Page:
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Speedplays: Zero Vs Light Action

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Speedplays: Zero Vs Light Action

Old 06-16-08, 08:19 PM
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Speedplays: Zero Vs Light Action

I went to get the Zero, but the Light Action was the one I could find in red so I got that one, the cro-molly (AKA Cheap). Two days later I went to adjust the float and surprise! You can't adjust the float on the light actions...

From some reviews, I get it that's easier to clip-in/clip-out on the Light Action.

So, anybody out there has tried them both? Can you tell me what I'm missing besides the higher OCP points?
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Old 06-16-08, 08:43 PM
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I tried both. The Light Action ones were too easy to clip in and out for me. Even the Zeros seem easier than Looks on their lightest setting. I also liked the ability to adjust float, in both directions independently, which allowed me to keep the cleats straight and still restrict the float so I wouldn't hit my heels against the cranks.

If you bought one pedal over the other just because you could get it in a specific color, you already have OCP points.
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Old 06-16-08, 08:44 PM
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adjustability and higher release tension for Zeros are about the only differences between the two.

Red Zeros are CSC edition and you can only get them in Stainless steel.
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Old 06-16-08, 08:47 PM
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Originally Posted by AEO View Post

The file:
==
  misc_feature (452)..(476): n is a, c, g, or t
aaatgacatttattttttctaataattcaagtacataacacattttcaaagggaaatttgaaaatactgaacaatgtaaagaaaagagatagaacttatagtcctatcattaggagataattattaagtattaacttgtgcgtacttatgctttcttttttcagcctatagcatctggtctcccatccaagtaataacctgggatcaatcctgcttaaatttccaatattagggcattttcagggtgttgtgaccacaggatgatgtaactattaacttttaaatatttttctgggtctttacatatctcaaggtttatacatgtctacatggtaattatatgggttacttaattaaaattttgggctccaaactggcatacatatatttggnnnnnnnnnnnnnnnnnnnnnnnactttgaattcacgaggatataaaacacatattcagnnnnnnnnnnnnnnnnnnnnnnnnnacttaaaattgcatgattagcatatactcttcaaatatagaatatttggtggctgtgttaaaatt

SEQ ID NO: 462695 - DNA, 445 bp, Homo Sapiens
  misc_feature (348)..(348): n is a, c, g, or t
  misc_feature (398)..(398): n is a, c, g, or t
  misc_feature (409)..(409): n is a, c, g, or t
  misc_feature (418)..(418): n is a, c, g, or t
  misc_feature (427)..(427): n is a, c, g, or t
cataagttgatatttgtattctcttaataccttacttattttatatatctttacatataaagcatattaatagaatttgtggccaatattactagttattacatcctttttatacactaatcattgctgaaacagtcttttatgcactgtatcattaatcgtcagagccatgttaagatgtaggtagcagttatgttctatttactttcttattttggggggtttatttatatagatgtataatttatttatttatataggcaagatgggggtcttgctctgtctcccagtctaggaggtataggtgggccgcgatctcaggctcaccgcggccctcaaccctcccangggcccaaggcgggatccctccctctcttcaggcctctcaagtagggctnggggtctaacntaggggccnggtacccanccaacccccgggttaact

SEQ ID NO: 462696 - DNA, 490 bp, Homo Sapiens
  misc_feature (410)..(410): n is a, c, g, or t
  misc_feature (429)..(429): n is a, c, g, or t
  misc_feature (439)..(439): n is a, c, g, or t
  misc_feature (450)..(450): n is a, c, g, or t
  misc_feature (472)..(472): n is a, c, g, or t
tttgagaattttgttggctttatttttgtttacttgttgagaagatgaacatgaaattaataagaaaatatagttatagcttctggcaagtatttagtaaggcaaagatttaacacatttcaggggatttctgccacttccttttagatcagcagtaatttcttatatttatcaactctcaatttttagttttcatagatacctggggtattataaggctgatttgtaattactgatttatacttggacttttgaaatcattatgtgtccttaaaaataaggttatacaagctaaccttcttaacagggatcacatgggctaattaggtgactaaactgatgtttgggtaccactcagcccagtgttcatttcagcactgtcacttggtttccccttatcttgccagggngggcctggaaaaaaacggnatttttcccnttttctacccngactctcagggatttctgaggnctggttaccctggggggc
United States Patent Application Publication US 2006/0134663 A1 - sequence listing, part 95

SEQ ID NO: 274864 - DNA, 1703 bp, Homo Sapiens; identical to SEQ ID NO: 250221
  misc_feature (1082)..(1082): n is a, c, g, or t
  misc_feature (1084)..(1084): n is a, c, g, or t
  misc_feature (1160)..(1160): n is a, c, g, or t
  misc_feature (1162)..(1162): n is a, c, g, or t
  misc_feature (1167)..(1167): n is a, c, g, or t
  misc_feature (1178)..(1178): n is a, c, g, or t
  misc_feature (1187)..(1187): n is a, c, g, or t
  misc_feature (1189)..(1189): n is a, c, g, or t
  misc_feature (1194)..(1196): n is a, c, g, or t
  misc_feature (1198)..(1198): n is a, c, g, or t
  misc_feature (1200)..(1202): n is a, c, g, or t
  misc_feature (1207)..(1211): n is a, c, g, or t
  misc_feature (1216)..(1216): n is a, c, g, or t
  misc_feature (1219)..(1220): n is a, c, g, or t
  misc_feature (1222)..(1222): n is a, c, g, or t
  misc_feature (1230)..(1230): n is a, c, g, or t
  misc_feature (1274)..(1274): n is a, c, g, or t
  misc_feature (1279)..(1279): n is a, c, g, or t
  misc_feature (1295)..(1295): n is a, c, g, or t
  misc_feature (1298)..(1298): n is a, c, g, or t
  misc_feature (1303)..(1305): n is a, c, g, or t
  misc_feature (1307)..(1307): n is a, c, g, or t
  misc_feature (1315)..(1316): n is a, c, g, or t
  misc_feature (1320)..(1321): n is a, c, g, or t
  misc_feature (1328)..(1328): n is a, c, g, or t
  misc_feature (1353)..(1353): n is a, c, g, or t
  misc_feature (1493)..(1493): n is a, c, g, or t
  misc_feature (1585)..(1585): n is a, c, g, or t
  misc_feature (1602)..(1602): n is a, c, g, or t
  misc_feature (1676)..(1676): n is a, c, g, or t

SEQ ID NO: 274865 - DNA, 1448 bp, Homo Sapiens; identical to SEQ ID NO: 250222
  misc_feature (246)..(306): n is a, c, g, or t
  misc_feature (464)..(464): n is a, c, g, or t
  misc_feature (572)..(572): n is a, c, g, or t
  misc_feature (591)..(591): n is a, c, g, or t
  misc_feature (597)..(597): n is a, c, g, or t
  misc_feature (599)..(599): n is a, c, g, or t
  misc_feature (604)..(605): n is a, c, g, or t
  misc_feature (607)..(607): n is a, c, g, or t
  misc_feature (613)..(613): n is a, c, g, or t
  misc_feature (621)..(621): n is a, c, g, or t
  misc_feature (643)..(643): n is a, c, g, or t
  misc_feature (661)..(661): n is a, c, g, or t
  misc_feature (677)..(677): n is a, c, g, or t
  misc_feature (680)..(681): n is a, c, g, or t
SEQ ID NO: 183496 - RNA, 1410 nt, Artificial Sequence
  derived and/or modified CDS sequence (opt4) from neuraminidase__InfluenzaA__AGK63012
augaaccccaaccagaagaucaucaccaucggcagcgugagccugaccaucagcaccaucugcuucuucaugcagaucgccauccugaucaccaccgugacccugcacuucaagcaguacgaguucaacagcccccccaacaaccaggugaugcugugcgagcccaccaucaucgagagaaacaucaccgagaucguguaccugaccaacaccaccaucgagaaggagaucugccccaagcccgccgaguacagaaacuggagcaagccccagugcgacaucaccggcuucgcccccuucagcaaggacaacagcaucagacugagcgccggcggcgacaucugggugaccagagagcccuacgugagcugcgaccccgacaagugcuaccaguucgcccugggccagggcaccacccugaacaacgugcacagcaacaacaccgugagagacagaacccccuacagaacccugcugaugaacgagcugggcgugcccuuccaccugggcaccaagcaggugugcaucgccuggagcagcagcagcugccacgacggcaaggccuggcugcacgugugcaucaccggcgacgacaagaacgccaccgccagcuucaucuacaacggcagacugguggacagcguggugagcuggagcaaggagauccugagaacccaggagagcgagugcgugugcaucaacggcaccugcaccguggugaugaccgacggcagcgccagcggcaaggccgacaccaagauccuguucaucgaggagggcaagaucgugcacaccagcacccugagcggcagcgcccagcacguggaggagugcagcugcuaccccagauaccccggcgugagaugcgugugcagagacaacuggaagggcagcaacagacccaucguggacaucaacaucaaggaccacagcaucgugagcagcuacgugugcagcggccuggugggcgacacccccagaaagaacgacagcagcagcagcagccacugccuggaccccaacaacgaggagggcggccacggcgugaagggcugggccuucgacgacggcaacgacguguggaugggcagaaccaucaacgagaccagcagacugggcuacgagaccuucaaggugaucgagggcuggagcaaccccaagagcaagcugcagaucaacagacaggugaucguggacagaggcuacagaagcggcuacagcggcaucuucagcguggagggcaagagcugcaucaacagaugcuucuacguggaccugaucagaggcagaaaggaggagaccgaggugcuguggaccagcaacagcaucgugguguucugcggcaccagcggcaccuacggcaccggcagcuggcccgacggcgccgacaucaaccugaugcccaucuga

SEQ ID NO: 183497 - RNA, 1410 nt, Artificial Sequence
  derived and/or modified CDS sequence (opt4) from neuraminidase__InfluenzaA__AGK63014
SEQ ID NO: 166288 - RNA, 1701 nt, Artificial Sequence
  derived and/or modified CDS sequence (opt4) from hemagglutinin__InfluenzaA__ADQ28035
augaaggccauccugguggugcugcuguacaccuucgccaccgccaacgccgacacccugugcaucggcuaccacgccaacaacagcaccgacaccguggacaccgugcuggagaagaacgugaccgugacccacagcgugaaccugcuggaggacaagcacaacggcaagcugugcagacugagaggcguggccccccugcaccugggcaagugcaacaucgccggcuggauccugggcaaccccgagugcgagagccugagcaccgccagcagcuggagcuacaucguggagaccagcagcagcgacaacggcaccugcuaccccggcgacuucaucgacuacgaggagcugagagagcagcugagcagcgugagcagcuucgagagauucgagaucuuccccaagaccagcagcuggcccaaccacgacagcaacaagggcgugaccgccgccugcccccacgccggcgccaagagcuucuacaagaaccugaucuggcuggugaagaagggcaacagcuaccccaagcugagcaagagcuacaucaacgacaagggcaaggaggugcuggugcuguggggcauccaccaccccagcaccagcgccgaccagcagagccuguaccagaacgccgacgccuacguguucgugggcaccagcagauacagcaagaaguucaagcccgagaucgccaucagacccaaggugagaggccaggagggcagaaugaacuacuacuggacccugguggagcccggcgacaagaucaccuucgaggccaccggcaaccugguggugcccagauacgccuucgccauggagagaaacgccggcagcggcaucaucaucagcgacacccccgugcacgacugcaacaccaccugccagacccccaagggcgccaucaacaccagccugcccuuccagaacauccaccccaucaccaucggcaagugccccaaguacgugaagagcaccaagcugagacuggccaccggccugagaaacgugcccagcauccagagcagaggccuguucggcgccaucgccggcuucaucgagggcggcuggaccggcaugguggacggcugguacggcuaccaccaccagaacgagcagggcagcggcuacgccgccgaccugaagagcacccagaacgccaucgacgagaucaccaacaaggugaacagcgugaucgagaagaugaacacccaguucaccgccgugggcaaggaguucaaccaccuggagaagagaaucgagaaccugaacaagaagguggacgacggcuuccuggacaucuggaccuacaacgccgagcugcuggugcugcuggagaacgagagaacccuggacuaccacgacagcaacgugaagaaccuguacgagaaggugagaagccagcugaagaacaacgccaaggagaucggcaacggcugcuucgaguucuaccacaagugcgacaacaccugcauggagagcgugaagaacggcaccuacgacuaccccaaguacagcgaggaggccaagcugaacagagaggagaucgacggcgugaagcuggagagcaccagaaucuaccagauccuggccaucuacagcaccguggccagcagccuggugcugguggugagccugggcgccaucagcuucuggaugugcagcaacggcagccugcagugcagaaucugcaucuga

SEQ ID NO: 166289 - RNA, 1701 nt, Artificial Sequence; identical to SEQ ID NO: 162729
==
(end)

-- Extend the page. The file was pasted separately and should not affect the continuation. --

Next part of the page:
adjustability and higher release tension for Zeros are about the only differences between the two.

Red Zeros are CSC edition and you can only get them in Stainless steel.
Hum, no wonder why nobody had them in cro-molly :S
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Old 06-17-08, 10:51 AM
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You bought SLA's and didn't research to find out that they are no adjustable? What exactly do you do on these forums??
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Old 06-17-08, 10:57 AM
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Originally Posted by AEO View Post
Red Zeros are CSC edition and you can only get them in Stainless steel.
I have Red Ti Zeros. I don't know if they are still available, but several places I asked for them didn't think they existed when I got them...

Anyway, I haven't personally tried both, but my wife has. She originally had Zeros off my second bike, but had trouble clipping into them. I got her light action instead, and she has been happy with them. She has never complained about coming out too easily.

Edit: Competitive Cyclist lists Ti in red
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Old 06-17-08, 01:24 PM
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I have never had an unintentional release.. with the pedals or off the bike for that matter... the light actions are nice especially if you have any kind of weird foot angle.. Since the pedals allow your foot to go to its natural center as the pedals do not have a centering spring...
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Old 06-17-08, 02:20 PM
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Originally Posted by BeeDee View Post
I have never had an unintentional release.. with the pedals or off the bike for that matter... the light actions are nice especially if you have any kind of weird foot angle.. Since the pedals allow your foot to go to its natural center as the pedals do not have a centering spring...
Hmmm...that implys that the other Speedplay pedals have a centering spring...which they do not.